Catching up with Kathrine Switzer before the 2018 Boston Marathon

The first woman to register for the Boston Marathon is back in town.

Photo by Madeline Bilis.

Katherine Switzer has been to every Boston Marathon since her historic run in 1967 except for two. For 49 years she says she’s been making the annual pilgrimage back to Boston, the place it all began for her, to either commentate for television or run the race, saying she owes everything she’s done to the streets of Boston.

“Boston is like mecca, it’s the epicenter of running,” she says. One year after her 50th year anniversary victory lap (if you can even call 26.2 miles that) from the date she became the first woman to ever register and run the Boston Marathon, Switzer will be back this year doing what she’s most passionate about—empowering other women.

“During that race in 1967 I began to wonder why other women weren’t there,” Switzer says. “And I realized it was because they didn’t have the same opportunities. I told myself after that race I was going to create those opportunities. At the time I didn’t know what that looked like, but I was determined.”

Her first order of business was to become a better athlete to prove that women do belong on the marathon course. She’s run the Boston Marathon nine times, placing second in 1975, and she won the New York City Marathon in 1974.

She’s also taken her work global, creating an International Running Circuit for women in 1978 and spearheading 261 Fearless in 2015, a global non-profit to empower and unite women through the creation of local running clubs. “We’re a part of a movement that’s changing the landscape for women,” Switzer says. “A rising tide lifts all ships, and other countries around the world are seeing that.”

This year, 261 Fearless, named for the bib number she wore in 1967, will have 47 runners fundraising and racing in the Boston Marathon. Although Switzer won’t be leading the pack, she’s thankful for all the support from these other women. “I won’t be here in 50 years,” she says. “I feel a sense of contentment to be able to pass the torch to the next generation of very passionate women who are going to make great social and positive change.”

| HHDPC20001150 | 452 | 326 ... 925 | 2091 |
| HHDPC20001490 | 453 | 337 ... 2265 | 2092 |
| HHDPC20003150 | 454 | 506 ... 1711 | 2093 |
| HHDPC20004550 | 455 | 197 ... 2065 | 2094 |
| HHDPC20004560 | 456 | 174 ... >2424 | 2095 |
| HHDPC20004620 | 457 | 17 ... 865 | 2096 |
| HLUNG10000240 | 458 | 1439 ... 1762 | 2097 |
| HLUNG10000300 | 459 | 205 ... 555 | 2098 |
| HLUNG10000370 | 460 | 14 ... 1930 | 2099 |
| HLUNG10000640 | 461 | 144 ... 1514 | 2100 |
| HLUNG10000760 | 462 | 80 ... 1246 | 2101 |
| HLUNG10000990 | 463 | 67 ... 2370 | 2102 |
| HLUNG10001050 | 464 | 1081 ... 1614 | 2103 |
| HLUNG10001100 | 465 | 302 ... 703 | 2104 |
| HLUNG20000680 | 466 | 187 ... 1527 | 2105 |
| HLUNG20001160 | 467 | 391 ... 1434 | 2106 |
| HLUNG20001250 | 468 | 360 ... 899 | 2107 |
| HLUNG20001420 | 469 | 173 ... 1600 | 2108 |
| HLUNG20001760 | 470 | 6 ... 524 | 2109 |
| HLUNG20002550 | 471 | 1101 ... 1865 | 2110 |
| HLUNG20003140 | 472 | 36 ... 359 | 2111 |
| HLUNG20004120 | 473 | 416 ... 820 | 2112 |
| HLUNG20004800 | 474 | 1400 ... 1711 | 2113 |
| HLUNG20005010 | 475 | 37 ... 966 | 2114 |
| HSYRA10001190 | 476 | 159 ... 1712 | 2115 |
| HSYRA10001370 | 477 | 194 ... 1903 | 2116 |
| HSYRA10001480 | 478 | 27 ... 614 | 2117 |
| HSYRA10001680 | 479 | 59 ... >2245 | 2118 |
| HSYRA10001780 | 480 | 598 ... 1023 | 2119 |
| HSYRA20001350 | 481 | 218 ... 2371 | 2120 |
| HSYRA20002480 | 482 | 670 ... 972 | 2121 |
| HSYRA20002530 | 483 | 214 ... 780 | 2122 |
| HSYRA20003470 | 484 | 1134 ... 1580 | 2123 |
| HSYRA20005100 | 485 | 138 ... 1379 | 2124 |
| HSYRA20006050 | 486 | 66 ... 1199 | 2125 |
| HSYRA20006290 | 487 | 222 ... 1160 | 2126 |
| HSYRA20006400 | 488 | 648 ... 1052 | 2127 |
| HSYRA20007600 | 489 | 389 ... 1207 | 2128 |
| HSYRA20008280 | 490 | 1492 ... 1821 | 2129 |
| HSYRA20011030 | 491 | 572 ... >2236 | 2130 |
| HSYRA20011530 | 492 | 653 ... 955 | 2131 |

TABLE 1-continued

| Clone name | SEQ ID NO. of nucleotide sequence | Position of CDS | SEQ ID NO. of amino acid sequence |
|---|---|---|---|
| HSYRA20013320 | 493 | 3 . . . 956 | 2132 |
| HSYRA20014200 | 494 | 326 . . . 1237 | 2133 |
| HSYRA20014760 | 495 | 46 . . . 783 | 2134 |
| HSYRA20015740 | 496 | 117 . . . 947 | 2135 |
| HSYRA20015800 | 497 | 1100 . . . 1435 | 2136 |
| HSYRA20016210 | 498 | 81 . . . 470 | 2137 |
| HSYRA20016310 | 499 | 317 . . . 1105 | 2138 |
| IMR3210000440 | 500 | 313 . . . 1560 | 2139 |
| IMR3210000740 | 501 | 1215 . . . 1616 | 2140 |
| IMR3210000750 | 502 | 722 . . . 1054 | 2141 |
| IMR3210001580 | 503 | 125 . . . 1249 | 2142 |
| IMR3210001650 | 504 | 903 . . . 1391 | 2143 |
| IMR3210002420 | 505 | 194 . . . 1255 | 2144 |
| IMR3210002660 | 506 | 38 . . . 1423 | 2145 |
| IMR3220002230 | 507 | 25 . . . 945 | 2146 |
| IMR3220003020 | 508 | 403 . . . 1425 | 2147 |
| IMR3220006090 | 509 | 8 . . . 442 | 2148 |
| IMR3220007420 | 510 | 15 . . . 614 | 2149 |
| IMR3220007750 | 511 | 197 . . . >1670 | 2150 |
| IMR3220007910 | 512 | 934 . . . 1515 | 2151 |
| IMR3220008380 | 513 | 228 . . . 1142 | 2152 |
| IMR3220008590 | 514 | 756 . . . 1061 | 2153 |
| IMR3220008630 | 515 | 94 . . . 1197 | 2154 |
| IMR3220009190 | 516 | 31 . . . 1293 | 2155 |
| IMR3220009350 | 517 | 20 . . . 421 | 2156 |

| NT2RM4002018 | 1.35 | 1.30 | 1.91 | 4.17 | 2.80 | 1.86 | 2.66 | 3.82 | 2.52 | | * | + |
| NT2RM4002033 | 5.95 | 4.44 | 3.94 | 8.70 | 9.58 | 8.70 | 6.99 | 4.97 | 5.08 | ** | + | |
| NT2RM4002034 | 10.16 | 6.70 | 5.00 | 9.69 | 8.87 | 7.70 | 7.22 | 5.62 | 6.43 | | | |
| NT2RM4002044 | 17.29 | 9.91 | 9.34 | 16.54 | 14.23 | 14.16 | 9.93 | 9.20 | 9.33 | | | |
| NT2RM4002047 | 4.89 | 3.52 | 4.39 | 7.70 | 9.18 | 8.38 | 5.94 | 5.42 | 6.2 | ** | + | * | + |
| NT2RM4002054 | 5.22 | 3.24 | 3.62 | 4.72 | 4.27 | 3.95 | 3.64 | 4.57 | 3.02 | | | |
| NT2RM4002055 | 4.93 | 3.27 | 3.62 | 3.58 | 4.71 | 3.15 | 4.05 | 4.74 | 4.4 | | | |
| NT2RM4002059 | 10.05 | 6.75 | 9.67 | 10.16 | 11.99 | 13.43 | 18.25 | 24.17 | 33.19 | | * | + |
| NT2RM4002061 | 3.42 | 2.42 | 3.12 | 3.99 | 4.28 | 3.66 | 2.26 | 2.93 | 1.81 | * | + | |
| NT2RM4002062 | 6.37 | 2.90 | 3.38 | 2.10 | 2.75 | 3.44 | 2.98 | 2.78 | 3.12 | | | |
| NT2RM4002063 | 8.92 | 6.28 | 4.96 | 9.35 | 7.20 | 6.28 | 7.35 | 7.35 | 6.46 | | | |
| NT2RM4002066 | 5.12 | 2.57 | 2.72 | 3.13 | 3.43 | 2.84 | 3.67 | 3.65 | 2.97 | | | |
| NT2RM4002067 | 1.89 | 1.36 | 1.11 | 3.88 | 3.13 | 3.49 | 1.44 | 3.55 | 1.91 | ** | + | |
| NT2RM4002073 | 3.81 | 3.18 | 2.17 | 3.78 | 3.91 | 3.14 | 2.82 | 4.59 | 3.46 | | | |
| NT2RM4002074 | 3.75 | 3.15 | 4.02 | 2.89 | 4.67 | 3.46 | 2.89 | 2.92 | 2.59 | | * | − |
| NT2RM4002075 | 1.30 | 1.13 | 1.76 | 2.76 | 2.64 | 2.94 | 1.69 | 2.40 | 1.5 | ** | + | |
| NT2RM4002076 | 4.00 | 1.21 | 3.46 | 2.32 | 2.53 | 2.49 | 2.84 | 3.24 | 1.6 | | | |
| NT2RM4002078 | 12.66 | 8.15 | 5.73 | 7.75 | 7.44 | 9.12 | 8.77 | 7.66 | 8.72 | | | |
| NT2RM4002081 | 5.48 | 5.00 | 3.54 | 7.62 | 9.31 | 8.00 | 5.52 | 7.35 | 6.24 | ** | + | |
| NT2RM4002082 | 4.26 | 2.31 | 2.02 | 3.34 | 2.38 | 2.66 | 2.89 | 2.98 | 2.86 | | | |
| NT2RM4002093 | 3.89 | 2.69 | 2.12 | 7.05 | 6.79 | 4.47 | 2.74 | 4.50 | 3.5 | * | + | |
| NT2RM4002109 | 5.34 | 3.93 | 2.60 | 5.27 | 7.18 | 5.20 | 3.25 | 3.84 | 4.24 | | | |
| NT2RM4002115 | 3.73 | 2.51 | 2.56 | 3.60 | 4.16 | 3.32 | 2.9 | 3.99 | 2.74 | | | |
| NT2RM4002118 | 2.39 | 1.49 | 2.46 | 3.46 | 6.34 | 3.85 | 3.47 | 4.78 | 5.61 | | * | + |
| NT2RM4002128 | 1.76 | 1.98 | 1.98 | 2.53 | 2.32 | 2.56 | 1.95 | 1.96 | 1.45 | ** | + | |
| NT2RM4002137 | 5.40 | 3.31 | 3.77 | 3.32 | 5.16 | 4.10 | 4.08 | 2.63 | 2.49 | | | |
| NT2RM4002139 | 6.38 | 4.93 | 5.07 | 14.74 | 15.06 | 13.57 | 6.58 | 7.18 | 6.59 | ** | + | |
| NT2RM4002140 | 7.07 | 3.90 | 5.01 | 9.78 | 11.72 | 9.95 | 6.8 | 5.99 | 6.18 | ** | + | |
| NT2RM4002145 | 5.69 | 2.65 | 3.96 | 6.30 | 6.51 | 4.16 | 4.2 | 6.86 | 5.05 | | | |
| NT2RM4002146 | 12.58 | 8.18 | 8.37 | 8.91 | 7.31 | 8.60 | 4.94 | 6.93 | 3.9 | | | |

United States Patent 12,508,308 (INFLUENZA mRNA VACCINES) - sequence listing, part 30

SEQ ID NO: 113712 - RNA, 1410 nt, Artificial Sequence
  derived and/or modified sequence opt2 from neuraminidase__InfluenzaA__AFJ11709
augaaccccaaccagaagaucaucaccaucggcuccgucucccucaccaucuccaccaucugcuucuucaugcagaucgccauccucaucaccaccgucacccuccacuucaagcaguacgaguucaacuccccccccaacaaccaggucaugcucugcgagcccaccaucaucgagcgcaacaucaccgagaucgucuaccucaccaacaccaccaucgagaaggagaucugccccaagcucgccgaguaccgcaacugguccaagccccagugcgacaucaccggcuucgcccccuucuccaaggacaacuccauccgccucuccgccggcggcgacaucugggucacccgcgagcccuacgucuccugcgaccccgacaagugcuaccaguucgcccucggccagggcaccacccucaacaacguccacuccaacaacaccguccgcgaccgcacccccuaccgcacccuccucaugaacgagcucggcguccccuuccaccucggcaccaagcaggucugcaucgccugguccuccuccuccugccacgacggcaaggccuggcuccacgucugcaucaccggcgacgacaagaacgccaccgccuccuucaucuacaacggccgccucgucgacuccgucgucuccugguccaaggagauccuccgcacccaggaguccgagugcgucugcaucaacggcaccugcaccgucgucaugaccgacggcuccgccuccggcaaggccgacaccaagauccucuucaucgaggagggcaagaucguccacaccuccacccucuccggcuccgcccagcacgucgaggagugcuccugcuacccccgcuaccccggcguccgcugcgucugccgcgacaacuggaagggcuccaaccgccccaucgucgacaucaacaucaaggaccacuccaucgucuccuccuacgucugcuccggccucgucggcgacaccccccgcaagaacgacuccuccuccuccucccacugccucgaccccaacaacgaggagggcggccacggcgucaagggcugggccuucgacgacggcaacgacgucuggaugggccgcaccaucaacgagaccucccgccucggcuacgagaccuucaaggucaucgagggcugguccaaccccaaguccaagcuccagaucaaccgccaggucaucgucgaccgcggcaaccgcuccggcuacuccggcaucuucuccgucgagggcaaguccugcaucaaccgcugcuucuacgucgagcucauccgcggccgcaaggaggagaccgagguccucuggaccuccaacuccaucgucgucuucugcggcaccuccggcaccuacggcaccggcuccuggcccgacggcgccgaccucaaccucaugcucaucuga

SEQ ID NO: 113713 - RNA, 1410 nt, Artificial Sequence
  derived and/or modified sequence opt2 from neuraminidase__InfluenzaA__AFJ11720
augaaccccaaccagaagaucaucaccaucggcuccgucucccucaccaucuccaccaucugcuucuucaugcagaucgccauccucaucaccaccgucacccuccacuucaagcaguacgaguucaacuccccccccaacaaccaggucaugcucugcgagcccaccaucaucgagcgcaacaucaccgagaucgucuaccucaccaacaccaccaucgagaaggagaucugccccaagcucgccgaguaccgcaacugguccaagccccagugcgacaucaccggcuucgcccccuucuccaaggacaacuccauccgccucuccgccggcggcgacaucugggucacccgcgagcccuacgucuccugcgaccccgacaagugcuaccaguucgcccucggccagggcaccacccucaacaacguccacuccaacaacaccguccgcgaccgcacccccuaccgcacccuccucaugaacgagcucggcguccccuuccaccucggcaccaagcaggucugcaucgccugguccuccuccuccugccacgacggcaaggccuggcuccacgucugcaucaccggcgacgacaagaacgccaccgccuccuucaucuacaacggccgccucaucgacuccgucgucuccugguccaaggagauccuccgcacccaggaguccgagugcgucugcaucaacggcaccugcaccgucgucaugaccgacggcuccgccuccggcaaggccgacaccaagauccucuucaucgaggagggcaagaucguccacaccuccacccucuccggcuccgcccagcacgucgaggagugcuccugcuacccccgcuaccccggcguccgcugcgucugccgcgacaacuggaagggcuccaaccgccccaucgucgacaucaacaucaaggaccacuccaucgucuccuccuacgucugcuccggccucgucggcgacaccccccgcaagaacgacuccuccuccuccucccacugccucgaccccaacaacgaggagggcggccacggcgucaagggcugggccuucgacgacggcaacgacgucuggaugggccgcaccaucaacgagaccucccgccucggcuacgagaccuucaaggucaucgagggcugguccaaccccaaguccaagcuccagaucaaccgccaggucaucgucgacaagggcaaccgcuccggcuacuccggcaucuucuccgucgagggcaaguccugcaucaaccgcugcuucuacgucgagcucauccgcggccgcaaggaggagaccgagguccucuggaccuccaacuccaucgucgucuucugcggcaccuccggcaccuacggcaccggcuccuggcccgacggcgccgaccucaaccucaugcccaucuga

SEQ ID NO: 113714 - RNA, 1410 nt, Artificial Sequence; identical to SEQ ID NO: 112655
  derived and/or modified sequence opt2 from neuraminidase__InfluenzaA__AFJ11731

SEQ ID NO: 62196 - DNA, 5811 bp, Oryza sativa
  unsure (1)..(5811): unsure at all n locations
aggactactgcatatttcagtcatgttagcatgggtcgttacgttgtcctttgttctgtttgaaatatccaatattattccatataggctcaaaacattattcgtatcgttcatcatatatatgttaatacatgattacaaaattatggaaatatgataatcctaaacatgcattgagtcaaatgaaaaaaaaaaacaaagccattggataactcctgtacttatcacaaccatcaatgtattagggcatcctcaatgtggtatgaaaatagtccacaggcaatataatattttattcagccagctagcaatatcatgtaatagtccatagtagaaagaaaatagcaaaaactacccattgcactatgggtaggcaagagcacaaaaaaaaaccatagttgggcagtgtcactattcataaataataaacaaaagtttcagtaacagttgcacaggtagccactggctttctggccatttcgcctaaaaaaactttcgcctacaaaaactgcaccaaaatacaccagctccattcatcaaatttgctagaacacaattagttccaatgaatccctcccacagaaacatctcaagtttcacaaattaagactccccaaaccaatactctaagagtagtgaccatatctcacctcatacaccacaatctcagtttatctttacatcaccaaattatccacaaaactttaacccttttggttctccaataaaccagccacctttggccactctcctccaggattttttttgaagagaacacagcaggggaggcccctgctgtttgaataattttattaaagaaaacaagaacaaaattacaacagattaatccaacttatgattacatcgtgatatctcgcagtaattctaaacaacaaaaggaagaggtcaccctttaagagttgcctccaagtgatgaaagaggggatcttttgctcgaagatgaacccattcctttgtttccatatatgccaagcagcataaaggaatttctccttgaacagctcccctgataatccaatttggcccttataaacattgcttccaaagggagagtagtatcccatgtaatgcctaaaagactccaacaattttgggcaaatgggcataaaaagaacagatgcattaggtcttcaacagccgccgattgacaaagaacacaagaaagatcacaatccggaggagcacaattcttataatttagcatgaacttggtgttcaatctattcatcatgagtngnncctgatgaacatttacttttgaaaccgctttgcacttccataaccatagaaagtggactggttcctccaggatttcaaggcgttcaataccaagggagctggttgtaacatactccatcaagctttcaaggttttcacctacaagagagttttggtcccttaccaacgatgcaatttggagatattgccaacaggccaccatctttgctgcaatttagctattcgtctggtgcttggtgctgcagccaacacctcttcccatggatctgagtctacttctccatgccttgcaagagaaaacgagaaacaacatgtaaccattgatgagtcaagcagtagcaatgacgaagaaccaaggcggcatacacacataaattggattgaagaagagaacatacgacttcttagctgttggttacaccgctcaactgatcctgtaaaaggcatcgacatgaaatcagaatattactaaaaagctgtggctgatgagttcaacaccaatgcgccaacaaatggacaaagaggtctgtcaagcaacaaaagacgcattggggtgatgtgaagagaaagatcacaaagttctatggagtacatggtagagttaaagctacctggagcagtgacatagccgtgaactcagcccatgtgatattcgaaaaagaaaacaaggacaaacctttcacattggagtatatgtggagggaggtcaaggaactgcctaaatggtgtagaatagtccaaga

Swtizer may be sitting out the 122nd running of the Boston Marathon, but that doesn’t mean she’s done with marathons: She’ll be lacing up her sneakers and strapping on a bib for the London Marathon next weekend. It was her own advocacy work that helped give women a chance to race there—she helped stage a women’s race in London in 1980, and four years later women marathoners were finally allowed to compete at the Olympics for the first time at the Los Angeles games.

Now 71, she says she wanted to race the races that she had a hand in creating, and felt left out when she was seeing other women her age, or older, running in them. “You could say it’s a bucket list race,” she says. “I’ll go knock off a couple more and then go plant some petunias.”

Also on this unstoppable woman’s bucket list? The Tokyo and Antarctica Marathons.

“I’ve kept fit all my life, but having said that, you’re never too old,” Switzer says. “Get off the sofa, put your sneakers on, and walk to the mailbox. It all starts there.”

She says she’s seen some pretty astonishing things from women all over the world. With her work happening regularly in 27 different countries, she says you get to know a country like nothing else when you run in it.

“Running stands as a beacon,” Switzer says. “I often say I don’t know who this guy is over here, this person is a different race than me, she doesn’t speak my language, and I don’t know what her orientation is, but at the end of the day we’re sweating together and we’re going to hug each other at the finish line, and I will trust them with my life.”